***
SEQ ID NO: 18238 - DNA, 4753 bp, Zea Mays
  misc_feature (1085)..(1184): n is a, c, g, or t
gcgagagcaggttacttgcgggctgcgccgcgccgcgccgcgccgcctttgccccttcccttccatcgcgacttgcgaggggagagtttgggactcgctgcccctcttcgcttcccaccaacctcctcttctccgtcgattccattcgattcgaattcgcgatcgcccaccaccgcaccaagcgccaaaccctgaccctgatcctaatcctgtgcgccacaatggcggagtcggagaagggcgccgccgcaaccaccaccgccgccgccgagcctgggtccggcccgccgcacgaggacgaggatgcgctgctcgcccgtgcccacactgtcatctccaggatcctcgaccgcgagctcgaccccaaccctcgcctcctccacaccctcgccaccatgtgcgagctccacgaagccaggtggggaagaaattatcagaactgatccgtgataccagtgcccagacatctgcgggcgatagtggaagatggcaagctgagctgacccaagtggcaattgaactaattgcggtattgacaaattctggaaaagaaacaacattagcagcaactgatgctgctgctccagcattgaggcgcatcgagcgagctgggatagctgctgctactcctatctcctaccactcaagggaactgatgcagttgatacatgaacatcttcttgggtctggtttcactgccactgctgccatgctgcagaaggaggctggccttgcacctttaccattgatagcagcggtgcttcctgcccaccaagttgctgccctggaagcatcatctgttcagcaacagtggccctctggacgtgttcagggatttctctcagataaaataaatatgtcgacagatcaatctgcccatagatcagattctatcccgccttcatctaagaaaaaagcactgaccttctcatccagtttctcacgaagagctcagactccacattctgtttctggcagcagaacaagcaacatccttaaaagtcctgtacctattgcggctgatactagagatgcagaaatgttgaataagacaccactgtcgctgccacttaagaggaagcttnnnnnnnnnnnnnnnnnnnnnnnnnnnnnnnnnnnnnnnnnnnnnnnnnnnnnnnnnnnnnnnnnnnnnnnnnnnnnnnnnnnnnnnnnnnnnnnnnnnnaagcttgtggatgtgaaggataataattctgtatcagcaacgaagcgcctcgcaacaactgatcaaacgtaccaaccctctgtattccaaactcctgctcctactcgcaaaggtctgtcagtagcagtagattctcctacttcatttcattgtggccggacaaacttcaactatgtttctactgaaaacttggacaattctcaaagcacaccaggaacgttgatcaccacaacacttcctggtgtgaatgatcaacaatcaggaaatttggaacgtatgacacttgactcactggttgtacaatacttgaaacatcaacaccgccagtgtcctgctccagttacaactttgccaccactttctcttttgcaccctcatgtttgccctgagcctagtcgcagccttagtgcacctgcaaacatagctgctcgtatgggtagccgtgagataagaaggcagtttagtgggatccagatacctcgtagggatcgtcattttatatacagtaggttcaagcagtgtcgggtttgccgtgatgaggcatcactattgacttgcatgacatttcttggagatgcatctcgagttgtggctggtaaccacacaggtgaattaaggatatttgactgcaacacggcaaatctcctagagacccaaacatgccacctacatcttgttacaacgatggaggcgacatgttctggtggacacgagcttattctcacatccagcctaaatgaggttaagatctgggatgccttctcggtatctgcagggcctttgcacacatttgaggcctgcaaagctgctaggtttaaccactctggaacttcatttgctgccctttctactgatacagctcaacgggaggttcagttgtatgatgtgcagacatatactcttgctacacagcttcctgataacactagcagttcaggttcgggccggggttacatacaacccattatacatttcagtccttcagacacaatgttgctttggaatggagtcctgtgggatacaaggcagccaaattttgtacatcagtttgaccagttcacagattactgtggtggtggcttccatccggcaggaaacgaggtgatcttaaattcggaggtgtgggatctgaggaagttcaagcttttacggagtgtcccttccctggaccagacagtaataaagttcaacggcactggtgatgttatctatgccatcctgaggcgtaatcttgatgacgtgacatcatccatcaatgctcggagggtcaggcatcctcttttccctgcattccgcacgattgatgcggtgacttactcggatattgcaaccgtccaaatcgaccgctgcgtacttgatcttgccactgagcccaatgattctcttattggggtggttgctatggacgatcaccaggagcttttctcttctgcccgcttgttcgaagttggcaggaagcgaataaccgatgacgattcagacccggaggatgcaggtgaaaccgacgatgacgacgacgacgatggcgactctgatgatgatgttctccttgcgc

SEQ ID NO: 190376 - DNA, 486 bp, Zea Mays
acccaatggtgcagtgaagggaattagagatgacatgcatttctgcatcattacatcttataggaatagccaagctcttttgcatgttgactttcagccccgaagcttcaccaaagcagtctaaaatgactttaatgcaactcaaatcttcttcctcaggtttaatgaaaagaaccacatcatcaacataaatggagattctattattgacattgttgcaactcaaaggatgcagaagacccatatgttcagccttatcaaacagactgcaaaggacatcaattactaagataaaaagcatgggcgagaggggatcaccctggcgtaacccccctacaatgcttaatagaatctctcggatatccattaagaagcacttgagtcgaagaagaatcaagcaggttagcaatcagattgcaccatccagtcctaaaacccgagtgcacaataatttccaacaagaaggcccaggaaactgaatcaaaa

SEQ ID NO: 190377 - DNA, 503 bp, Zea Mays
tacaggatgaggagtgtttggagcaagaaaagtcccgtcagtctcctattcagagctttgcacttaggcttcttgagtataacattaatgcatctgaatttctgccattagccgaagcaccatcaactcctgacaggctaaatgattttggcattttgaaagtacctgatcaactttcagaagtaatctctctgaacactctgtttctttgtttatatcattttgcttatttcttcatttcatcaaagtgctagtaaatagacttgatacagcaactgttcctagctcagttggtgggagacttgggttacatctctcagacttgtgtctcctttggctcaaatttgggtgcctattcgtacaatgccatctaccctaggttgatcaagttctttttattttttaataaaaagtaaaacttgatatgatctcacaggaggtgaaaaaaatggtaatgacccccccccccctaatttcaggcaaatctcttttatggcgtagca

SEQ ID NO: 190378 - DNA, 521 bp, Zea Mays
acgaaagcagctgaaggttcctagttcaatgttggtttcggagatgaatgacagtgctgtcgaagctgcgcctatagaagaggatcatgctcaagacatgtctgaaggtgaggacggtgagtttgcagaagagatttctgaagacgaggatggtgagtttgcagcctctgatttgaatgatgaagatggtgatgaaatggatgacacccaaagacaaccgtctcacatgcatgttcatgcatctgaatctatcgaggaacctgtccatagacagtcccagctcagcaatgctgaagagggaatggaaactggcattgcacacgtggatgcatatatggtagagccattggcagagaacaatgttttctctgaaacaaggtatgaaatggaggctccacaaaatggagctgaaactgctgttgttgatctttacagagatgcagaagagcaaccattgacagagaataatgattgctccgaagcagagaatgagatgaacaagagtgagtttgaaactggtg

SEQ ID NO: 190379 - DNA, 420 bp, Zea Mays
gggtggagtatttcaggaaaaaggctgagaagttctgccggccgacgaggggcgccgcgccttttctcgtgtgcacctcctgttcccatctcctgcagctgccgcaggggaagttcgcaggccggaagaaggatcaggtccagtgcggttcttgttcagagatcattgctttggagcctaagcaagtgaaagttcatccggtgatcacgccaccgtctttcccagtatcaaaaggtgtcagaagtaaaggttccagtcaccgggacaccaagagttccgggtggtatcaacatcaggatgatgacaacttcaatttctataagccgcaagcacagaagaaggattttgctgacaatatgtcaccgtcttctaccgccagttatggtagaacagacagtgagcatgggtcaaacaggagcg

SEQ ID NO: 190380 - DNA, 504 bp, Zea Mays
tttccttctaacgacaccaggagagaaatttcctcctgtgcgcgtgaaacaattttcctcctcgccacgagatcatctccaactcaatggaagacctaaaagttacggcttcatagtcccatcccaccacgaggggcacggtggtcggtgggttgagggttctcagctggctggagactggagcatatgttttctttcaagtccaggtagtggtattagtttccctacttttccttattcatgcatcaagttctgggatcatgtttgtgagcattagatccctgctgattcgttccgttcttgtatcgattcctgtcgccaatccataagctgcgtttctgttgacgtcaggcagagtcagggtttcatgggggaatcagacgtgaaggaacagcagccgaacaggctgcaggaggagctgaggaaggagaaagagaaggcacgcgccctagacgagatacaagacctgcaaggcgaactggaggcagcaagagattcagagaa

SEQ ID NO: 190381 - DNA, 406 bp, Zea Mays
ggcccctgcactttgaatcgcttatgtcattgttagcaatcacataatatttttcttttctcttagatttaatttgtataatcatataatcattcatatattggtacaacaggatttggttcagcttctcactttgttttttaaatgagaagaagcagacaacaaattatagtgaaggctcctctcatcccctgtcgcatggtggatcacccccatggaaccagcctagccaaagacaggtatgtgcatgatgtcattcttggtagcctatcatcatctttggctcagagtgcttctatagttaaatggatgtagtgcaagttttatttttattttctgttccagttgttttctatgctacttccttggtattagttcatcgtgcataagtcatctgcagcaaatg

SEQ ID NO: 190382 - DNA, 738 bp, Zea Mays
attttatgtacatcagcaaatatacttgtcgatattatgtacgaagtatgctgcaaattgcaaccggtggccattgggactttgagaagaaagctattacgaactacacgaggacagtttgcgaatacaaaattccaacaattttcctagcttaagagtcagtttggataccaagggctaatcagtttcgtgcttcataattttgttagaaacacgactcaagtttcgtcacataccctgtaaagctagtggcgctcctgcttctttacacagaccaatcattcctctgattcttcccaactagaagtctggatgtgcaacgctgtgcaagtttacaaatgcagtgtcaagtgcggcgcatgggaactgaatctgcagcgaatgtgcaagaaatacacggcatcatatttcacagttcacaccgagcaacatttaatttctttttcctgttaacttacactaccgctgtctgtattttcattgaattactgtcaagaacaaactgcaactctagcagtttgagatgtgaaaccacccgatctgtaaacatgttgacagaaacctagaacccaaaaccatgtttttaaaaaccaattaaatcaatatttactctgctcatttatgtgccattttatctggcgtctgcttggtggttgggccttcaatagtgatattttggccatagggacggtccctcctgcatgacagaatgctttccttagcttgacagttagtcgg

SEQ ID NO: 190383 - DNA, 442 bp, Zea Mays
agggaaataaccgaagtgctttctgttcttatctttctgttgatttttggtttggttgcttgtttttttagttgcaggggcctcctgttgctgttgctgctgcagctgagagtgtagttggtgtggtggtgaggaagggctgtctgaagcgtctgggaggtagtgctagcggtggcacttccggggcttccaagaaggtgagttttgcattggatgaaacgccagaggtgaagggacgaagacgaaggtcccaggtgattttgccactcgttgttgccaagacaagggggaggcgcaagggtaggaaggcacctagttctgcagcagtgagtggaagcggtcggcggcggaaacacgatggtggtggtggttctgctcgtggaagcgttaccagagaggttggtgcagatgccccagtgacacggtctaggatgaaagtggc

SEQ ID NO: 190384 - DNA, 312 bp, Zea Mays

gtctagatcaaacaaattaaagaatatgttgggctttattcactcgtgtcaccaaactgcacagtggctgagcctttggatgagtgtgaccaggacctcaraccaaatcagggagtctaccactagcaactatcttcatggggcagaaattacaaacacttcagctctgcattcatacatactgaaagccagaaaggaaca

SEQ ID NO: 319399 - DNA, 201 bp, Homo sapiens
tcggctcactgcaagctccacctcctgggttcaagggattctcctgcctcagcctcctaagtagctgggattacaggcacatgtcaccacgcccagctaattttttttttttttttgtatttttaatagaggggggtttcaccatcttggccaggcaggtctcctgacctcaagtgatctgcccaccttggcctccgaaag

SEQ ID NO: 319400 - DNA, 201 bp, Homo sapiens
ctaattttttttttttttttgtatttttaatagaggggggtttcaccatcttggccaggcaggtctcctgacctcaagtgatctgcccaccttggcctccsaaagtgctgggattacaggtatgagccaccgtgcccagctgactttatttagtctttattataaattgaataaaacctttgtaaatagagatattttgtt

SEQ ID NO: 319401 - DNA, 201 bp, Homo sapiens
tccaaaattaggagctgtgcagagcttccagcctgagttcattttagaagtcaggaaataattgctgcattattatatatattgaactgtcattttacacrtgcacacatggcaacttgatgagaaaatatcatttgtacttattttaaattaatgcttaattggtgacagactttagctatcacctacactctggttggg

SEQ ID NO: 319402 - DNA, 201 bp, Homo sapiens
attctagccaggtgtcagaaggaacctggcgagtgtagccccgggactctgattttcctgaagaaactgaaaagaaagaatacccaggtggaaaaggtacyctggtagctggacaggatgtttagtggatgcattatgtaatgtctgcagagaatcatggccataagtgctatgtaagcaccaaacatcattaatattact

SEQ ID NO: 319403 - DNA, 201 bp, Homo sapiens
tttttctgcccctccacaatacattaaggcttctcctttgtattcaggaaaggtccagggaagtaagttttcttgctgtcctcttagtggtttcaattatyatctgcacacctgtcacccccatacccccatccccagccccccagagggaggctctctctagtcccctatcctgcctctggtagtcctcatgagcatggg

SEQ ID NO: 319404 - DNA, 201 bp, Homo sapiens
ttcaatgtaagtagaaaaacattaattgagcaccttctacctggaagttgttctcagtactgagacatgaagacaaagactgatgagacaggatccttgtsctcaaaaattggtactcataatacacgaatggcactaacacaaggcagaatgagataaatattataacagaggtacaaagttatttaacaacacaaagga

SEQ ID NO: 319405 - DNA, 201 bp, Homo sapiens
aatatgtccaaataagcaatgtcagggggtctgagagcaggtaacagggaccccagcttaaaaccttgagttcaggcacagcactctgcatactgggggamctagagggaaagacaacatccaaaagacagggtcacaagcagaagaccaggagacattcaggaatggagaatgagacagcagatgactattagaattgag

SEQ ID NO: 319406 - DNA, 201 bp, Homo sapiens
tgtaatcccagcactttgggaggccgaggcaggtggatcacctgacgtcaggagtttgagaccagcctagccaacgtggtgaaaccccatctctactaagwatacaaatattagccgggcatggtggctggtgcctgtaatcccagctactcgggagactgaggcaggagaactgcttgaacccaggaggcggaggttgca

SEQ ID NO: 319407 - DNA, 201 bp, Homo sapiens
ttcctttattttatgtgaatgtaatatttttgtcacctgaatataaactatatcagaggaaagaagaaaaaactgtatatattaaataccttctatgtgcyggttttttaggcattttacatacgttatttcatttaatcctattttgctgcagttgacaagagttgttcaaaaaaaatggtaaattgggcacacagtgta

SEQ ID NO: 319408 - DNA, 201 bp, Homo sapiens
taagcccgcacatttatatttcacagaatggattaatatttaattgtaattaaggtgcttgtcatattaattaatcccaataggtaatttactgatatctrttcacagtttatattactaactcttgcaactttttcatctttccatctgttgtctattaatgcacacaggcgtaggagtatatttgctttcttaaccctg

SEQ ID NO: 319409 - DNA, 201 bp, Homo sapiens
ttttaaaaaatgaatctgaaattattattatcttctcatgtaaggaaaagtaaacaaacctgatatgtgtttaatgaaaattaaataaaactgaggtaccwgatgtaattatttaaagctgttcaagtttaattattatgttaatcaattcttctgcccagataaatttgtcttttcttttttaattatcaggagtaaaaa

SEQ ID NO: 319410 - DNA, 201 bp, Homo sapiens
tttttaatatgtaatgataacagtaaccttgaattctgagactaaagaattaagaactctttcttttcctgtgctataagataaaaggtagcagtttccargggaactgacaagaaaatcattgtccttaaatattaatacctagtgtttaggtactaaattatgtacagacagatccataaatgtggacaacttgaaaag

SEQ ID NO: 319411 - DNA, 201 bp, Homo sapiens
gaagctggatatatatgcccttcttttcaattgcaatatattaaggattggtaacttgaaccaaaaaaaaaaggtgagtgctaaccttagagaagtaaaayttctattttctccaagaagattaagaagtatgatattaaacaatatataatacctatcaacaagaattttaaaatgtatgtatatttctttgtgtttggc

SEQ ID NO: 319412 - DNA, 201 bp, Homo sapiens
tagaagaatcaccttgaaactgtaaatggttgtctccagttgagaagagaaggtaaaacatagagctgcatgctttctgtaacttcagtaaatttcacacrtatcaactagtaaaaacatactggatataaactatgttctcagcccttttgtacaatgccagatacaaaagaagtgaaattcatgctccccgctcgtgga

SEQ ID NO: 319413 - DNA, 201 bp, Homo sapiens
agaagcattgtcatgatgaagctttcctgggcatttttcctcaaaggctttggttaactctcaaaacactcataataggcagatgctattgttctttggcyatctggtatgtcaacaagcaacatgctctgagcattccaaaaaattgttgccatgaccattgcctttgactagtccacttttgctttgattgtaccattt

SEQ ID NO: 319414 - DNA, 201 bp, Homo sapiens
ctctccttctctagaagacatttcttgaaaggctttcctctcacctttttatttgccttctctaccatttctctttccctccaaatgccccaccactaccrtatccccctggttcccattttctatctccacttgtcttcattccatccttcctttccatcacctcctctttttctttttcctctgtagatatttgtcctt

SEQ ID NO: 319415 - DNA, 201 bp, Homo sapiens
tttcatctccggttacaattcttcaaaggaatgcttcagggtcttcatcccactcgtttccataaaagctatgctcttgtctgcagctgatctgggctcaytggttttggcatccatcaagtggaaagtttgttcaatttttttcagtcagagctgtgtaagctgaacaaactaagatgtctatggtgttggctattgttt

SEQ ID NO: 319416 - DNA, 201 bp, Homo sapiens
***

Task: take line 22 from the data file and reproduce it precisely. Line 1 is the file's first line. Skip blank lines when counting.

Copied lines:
SEQ ID NO: 319399 - DNA, 201 bp, Homo sapiens